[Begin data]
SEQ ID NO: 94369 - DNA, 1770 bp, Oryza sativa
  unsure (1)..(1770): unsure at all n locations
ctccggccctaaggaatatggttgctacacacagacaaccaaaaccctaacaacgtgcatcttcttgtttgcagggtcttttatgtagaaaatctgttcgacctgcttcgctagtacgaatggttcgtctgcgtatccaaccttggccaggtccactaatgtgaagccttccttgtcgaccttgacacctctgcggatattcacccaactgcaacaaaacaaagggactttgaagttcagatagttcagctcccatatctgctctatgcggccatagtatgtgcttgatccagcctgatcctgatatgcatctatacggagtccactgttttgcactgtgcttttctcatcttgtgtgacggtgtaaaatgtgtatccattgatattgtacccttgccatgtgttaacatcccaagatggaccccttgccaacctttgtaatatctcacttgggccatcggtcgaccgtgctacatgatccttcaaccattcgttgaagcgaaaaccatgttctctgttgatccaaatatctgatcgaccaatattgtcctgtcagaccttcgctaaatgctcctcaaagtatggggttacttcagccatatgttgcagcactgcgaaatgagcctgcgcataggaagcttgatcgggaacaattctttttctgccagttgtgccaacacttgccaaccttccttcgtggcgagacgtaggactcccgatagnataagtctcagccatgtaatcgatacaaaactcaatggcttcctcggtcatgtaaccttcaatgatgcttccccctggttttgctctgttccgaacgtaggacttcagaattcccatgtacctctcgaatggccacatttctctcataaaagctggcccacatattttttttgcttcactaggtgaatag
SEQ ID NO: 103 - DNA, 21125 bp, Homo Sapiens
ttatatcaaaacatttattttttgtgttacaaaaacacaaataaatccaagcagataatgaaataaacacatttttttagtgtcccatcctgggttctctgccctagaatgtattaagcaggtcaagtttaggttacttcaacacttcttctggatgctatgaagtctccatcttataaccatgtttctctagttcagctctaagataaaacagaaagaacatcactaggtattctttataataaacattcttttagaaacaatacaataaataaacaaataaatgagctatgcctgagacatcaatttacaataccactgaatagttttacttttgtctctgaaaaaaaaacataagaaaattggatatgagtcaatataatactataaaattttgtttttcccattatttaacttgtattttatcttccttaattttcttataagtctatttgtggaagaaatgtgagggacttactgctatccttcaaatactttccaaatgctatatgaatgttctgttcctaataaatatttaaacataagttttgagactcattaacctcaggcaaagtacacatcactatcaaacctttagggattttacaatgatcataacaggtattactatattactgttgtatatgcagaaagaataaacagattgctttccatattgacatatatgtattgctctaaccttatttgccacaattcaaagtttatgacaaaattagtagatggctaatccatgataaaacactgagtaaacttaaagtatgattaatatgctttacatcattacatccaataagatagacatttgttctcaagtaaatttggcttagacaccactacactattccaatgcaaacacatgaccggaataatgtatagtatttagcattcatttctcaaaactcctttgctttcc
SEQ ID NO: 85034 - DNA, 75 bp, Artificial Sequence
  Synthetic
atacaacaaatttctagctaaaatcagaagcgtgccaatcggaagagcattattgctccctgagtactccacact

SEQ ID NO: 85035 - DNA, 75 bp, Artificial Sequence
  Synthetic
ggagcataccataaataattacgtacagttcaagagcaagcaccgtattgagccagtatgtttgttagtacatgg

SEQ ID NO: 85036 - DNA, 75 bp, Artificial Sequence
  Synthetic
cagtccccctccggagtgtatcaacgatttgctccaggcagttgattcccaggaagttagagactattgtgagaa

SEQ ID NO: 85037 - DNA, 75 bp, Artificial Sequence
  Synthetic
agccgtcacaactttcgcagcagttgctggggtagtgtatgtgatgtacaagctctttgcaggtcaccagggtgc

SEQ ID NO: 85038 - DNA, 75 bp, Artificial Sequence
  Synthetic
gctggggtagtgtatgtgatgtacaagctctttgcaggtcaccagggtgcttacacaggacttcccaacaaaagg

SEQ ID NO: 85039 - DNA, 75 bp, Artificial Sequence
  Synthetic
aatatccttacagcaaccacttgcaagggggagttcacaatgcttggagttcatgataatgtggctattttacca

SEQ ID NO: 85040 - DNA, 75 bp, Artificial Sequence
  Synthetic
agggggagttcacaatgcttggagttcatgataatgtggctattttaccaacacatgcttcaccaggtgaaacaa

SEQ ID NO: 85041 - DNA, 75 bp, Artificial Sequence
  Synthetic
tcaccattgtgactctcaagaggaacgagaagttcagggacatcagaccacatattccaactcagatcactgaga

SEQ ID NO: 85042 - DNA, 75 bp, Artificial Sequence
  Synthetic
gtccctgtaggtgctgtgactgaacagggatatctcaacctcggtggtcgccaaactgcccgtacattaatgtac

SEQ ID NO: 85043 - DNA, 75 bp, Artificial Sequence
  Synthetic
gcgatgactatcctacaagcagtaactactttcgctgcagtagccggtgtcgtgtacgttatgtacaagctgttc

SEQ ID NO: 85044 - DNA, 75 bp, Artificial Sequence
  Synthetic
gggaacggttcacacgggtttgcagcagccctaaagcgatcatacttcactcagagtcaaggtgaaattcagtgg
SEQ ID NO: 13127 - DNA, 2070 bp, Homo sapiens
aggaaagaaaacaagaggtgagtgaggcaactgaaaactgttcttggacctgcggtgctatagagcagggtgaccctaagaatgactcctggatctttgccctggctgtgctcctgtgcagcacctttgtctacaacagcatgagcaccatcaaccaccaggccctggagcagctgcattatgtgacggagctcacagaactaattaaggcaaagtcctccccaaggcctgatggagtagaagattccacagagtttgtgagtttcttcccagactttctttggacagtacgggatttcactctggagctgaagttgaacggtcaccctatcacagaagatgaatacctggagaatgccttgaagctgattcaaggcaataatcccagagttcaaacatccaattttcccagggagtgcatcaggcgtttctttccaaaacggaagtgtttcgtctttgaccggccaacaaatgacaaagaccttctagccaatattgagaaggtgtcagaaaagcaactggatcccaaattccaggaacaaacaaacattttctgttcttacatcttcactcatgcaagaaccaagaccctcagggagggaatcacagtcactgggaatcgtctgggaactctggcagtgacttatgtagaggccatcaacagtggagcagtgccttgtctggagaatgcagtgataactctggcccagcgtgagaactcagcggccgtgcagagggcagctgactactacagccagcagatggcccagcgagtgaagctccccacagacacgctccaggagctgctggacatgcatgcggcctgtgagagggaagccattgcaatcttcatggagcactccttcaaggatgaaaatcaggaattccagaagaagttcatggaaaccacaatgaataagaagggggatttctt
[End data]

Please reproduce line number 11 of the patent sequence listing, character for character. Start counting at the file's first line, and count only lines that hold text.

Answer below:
ggagcataccataaataattacgtacagttcaagagcaagcaccgtattgagccagtatgtttgttagtacatgg